Thursday, December 22, 2011

Withdrawal of Last US Troops From Iraq

The last US soldiers have rolled out of Iraq across the border to neighboring Kuwait, whooping, fist bumping and hugging each other in a burst of joy and relief. Their exit marked the end of a bitterly divisive war that raged for nearly nine years and left Iraq shattered, with troubling questions lingering over whether the Arab nation will remain a steadfast US ally. The mission cost nearly 4,500 American and well more than 100,000 Iraqi lives and $800 billion from the US Treasury. The question of whether it was worth it all is yet unanswered.
Captain Mark Askew, a 28-year-old from Tampa, Florida who was among the last soldiers to leave, said the answer to that question will depend on what type of country and government Iraq ends up with years from now, whether they are democratic, respect human rights and are considered a US ally.
Whither Stubborn Sectarian Clashes
US officials acknowledged the cost in blood and dollars was high, but tried to paint a picture of victory for both the troops and the Iraqi people now freed of a dictator and on a path to democracy.
But gnawing questions remain: Will Iraqis be able to forge their new government amid the still stubborn sectarian clashes. And will Iraq be able to defend itself and remain independent in a region fraught with turmoil and still steeped in insurgent threats.
Many Iraqis, however, are nervous and uncertain about the future. Their relief at the end of Saddam Hussein, who was hanged on the last day of 2006, was tempered by a long and vicious war that was launched to find nonexistent weapons of mass destruction and nearly plunged the nation into full-scale sectarian civil war.
Some criticized the Americans for leaving behind a destroyed country with thousands of widows and orphans, a people deeply divided along sectarian lines and without rebuilding the devastated infrastructure.
Some Iraqis celebrated the exit of what they called American occupiers, neither invited nor welcome in a proud country. Others said that while grateful for US help ousting Saddam, the war went on too long. A majority of Americans would agree, according to opinion polls.
The low-key exit stood in sharp contrast to the high octane start of the war, which began before dawn on March 20, 2003, with an air strike in southern Baghdad where Saddam was believed to be hiding. US and allied ground forces then stormed across the featureless Kuwaiti desert, accompanied by reporters, photographers and television crews embedded with the troops.
Saddam’s Secret Nuclear Weapon Program
The task assigned to them in 2003 has been accomplished. The United States under President George W. Bush entered the Iraqi war theatre after it had made substantial gains in Afghanistan where it had toppled the Taliban regime in the wake of 9/11. He found an excellent opportunity to use the anti-terrorism plank to achieve Washington’s larger objective of ensuring energy security. Unverified intelligence reports about Iraqi ruler Saddam’s “secret” nuclear weapon program were enough for President Bush to go ahead with his new plan. He also found out that Saddam had close connections with Al-Qaida mastermind Osama Bin Ladin.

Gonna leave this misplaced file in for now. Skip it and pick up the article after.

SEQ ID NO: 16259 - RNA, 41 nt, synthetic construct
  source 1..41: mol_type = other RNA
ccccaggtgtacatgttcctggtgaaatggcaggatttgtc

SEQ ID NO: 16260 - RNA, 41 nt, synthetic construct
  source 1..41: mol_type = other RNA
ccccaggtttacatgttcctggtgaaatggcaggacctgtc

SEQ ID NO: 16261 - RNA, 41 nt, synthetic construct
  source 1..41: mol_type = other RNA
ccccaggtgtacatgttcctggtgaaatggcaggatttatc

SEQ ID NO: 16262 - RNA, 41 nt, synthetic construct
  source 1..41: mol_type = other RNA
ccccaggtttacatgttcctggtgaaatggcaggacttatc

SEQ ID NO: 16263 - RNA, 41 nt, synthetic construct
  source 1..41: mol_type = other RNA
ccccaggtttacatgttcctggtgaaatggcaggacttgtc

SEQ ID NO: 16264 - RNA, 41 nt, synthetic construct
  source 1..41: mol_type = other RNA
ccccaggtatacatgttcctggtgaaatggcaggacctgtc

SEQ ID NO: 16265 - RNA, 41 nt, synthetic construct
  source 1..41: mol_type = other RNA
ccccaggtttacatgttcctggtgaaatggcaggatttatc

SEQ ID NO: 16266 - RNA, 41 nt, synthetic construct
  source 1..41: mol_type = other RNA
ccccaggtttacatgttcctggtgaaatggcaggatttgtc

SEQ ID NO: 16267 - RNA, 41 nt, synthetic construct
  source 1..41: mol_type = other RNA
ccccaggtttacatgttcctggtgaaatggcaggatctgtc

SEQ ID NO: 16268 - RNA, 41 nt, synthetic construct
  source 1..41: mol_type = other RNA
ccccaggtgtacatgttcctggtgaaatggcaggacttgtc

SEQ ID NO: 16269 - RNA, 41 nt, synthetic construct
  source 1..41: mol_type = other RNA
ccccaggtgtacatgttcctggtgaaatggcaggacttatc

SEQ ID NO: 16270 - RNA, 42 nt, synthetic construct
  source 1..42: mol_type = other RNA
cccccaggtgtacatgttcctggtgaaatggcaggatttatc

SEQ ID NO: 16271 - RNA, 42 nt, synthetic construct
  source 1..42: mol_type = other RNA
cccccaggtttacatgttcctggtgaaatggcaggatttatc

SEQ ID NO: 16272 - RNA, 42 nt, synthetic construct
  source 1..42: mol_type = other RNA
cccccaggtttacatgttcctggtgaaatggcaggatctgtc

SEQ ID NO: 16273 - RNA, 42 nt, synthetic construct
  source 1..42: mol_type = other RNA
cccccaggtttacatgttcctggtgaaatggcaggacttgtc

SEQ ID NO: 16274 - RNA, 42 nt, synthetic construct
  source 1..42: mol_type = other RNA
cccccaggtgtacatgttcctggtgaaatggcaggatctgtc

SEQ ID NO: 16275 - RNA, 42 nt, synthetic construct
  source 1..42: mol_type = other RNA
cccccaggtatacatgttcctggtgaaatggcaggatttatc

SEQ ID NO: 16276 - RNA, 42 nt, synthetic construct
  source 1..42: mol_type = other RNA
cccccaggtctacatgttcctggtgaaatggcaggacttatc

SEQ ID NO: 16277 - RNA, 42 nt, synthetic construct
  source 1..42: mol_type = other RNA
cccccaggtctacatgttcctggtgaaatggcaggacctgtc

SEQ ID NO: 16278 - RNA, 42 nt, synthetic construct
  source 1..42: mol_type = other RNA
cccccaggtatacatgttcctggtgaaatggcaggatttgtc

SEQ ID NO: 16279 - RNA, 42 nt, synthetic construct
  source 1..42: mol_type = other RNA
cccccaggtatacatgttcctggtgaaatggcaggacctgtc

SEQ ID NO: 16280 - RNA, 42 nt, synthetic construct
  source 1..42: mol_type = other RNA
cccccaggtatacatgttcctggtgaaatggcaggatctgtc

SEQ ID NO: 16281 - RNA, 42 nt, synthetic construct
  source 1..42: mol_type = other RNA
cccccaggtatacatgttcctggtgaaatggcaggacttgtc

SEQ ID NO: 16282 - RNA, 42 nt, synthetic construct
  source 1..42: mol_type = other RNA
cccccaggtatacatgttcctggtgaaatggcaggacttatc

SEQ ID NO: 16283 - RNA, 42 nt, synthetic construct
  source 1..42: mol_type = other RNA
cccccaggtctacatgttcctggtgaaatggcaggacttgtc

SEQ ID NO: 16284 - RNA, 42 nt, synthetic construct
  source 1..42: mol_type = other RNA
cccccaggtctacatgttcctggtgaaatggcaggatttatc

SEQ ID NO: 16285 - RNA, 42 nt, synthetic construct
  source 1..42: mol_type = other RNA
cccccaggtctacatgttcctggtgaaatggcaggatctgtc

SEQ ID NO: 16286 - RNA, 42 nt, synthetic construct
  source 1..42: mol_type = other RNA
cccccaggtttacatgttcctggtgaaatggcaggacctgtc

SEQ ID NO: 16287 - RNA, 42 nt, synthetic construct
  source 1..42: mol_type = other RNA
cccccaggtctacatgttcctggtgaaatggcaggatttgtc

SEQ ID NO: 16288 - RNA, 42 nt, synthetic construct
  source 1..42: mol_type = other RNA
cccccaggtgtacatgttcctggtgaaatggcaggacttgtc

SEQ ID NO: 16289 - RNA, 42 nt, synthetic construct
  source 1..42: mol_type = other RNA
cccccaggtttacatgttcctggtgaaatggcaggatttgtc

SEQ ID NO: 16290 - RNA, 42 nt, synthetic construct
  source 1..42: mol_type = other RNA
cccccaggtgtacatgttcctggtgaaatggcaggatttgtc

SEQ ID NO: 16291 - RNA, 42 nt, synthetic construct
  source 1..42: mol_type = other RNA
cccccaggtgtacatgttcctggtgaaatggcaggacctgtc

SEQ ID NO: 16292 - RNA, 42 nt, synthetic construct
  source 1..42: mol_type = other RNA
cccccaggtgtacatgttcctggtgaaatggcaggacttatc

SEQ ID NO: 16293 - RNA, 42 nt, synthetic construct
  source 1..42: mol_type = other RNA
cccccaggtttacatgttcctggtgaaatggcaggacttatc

The United States also did not bother about seeking the UN Security Council’s sanction for attacking Iraq. Even when it was conclusively proved that Iraq had no Weapons of Mass Destruction (WMDs) and that Saddam had no link with Al-Qaida — both being ideologically poles apart — Iraq was bombarded and Saddam dethroned. Later, he was captured and executed. Iraq was liberated from the clutches of the tyrant. What could have been done by the people of Iraq during the Arab Spring now was finished by the US with the use of its military might. But can this be justified legally, morally, ethically or otherwise? The debate is still on.
Iran-Iraq Shia Bloc
Ousting and killing Saddam, a secular despot, may have gladdened US Arab allies, who are despotic but quasi-theocratic. Ironically, it also pleased Shia Iran as the United States leaves behind a Shia-run Iraq. A consolidated Iran-Iraq Shia bloc will be to the liking of neither America’s Arab allies nor the United States itself. In short, the times ahead in West Asia are likely to be threatened with prospects of heightened tension. Such a state of affairs may not always fall short of actual fighting, not least when the US continues to play the ouster game in West Asia in the name of promoting democracy.
Undoubtedly, the Iraq war was unpopular from day one within the United States. It had been launched on clearly false premises. US President Barack Obama wanted to end the campaign he had inherited. He gave himself the deadline of December 31 this year, and has stuck to it. But it is lost on no one — not in Iraq, not in the United States — that the United States may have wanted to extend its stay in a reduced way for strategic reasons, but could not.

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